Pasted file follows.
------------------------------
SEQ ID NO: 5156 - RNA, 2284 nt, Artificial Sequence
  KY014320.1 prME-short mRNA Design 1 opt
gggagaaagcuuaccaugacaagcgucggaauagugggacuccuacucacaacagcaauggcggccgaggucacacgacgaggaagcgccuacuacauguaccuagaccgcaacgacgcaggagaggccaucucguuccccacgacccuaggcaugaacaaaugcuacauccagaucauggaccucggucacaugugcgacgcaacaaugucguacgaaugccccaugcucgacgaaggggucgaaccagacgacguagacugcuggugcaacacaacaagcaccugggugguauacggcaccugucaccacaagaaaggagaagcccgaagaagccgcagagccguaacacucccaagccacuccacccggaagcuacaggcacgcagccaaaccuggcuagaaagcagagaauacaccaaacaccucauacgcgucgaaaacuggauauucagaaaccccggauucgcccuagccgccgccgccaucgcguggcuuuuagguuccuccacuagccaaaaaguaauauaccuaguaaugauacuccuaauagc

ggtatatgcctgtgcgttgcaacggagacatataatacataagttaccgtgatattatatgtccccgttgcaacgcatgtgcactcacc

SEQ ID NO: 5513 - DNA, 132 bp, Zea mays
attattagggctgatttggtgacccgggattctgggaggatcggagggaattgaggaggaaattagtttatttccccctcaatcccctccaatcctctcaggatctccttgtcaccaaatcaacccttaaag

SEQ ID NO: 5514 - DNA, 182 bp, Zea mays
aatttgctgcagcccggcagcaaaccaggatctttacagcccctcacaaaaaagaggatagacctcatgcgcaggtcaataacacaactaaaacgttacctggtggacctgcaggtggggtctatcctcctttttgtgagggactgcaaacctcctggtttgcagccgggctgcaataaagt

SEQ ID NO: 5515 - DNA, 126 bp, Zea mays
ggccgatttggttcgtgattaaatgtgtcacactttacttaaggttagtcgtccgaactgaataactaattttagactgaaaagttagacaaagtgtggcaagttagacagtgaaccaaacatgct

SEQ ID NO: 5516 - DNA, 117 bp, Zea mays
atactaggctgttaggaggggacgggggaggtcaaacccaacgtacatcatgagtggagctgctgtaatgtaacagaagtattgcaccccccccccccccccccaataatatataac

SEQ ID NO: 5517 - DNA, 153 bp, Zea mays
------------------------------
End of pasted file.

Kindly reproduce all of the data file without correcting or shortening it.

SEQ ID NO: 5156 - RNA, 2284 nt, Artificial Sequence
  KY014320.1 prME-short mRNA Design 1 opt
gggagaaagcuuaccaugacaagcgucggaauagugggacuccuacucacaacagcaauggcggccgaggucacacgacgaggaagcgccuacuacauguaccuagaccgcaacgacgcaggagaggccaucucguuccccacgacccuaggcaugaacaaaugcuacauccagaucauggaccucggucacaugugcgacgcaacaaugucguacgaaugccccaugcucgacgaaggggucgaaccagacgacguagacugcuggugcaacacaacaagcaccugggugguauacggcaccugucaccacaagaaaggagaagcccgaagaagccgcagagccguaacacucccaagccacuccacccggaagcuacaggcacgcagccaaaccuggcuagaaagcagagaauacaccaaacaccucauacgcgucgaaaacuggauauucagaaaccccggauucgcccuagccgccgccgccaucgcguggcuuuuagguuccuccacuagccaaaaaguaauauaccuaguaaugauacuccuaauagc

ggtatatgcctgtgcgttgcaacggagacatataatacataagttaccgtgatattatatgtccccgttgcaacgcatgtgcactcacc

SEQ ID NO: 5513 - DNA, 132 bp, Zea mays
attattagggctgatttggtgacccgggattctgggaggatcggagggaattgaggaggaaattagtttatttccccctcaatcccctccaatcctctcaggatctccttgtcaccaaatcaacccttaaag

SEQ ID NO: 5514 - DNA, 182 bp, Zea mays
aatttgctgcagcccggcagcaaaccaggatctttacagcccctcacaaaaaagaggatagacctcatgcgcaggtcaataacacaactaaaacgttacctggtggacctgcaggtggggtctatcctcctttttgtgagggactgcaaacctcctggtttgcagccgggctgcaataaagt

SEQ ID NO: 5515 - DNA, 126 bp, Zea mays
ggccgatttggttcgtgattaaatgtgtcacactttacttaaggttagtcgtccgaactgaataactaattttagactgaaaagttagacaaagtgtggcaagttagacagtgaaccaaacatgct

SEQ ID NO: 5516 - DNA, 117 bp, Zea mays
atactaggctgttaggaggggacgggggaggtcaaacccaacgtacatcatgagtggagctgctgtaatgtaacagaagtattgcaccccccccccccccccccaataatatataac

SEQ ID NO: 5517 - DNA, 153 bp, Zea mays